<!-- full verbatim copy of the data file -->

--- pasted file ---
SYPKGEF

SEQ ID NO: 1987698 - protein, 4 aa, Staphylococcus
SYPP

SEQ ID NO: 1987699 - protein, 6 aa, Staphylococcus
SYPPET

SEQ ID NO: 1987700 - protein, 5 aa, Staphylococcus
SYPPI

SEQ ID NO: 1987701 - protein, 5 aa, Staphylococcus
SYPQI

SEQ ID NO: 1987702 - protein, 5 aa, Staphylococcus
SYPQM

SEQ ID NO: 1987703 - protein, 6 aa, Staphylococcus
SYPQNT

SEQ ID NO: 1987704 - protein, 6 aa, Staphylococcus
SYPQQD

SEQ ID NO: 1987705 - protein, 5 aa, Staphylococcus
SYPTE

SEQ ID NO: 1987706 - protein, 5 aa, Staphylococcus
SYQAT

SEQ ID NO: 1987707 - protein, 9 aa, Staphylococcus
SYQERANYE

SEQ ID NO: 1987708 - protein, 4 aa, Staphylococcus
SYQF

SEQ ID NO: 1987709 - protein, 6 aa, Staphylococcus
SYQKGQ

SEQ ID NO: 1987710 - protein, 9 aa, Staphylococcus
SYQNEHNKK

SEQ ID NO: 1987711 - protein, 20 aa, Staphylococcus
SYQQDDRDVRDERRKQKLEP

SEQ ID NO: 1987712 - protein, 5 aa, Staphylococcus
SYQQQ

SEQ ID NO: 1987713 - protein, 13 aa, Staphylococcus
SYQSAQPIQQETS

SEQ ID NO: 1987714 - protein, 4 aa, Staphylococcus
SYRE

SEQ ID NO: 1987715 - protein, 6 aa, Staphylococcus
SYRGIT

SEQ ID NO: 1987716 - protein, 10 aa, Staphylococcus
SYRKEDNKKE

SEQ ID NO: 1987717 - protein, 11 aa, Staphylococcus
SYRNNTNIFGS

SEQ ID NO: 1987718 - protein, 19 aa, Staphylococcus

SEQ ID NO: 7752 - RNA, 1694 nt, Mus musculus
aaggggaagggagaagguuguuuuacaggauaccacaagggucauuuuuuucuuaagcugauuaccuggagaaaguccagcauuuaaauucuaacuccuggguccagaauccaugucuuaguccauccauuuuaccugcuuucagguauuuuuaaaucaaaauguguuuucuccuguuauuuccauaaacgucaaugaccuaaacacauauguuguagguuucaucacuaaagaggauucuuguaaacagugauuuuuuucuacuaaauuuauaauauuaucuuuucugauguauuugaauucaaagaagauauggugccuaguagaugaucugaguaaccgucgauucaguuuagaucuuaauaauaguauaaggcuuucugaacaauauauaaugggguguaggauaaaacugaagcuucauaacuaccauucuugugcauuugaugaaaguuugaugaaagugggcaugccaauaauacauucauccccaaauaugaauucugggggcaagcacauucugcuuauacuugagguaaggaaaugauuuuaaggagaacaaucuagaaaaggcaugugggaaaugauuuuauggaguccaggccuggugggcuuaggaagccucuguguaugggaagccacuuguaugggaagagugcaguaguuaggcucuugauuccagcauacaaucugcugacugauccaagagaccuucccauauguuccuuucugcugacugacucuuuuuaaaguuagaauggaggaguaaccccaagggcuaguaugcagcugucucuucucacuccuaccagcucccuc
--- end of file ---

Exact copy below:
SYPKGEF

SEQ ID NO: 1987698 - protein, 4 aa, Staphylococcus
SYPP

SEQ ID NO: 1987699 - protein, 6 aa, Staphylococcus
SYPPET

SEQ ID NO: 1987700 - protein, 5 aa, Staphylococcus
SYPPI

SEQ ID NO: 1987701 - protein, 5 aa, Staphylococcus
SYPQI

SEQ ID NO: 1987702 - protein, 5 aa, Staphylococcus
SYPQM

SEQ ID NO: 1987703 - protein, 6 aa, Staphylococcus
SYPQNT

SEQ ID NO: 1987704 - protein, 6 aa, Staphylococcus
SYPQQD

SEQ ID NO: 1987705 - protein, 5 aa, Staphylococcus
SYPTE

SEQ ID NO: 1987706 - protein, 5 aa, Staphylococcus
SYQAT

SEQ ID NO: 1987707 - protein, 9 aa, Staphylococcus
SYQERANYE

SEQ ID NO: 1987708 - protein, 4 aa, Staphylococcus
SYQF

SEQ ID NO: 1987709 - protein, 6 aa, Staphylococcus
SYQKGQ

SEQ ID NO: 1987710 - protein, 9 aa, Staphylococcus
SYQNEHNKK

SEQ ID NO: 1987711 - protein, 20 aa, Staphylococcus
SYQQDDRDVRDERRKQKLEP

SEQ ID NO: 1987712 - protein, 5 aa, Staphylococcus
SYQQQ

SEQ ID NO: 1987713 - protein, 13 aa, Staphylococcus
SYQSAQPIQQETS

SEQ ID NO: 1987714 - protein, 4 aa, Staphylococcus
SYRE

SEQ ID NO: 1987715 - protein, 6 aa, Staphylococcus
SYRGIT

SEQ ID NO: 1987716 - protein, 10 aa, Staphylococcus
SYRKEDNKKE

SEQ ID NO: 1987717 - protein, 11 aa, Staphylococcus
SYRNNTNIFGS

SEQ ID NO: 1987718 - protein, 19 aa, Staphylococcus

SEQ ID NO: 7752 - RNA, 1694 nt, Mus musculus
aaggggaagggagaagguuguuuuacaggauaccacaagggucauuuuuuucuuaagcugauuaccuggagaaaguccagcauuuaaauucuaacuccuggguccagaauccaugucuuaguccauccauuuuaccugcuuucagguauuuuuaaaucaaaauguguuuucuccuguuauuuccauaaacgucaaugaccuaaacacauauguuguagguuucaucacuaaagaggauucuuguaaacagugauuuuuuucuacuaaauuuauaauauuaucuuuucugauguauuugaauucaaagaagauauggugccuaguagaugaucugaguaaccgucgauucaguuuagaucuuaauaauaguauaaggcuuucugaacaauauauaaugggguguaggauaaaacugaagcuucauaacuaccauucuugugcauuugaugaaaguuugaugaaagugggcaugccaauaauacauucauccccaaauaugaauucugggggcaagcacauucugcuuauacuugagguaaggaaaugauuuuaaggagaacaaucuagaaaaggcaugugggaaaugauuuuauggaguccaggccuggugggcuuaggaagccucuguguaugggaagccacuuguaugggaagagugcaguaguuaggcucuugauuccagcauacaaucugcugacugauccaagagaccuucccauauguuccuuucugcugacugacucuuuuuaaaguuagaauggaggaguaaccccaagggcuaguaugcagcugucucuucucacuccuaccagcucccuc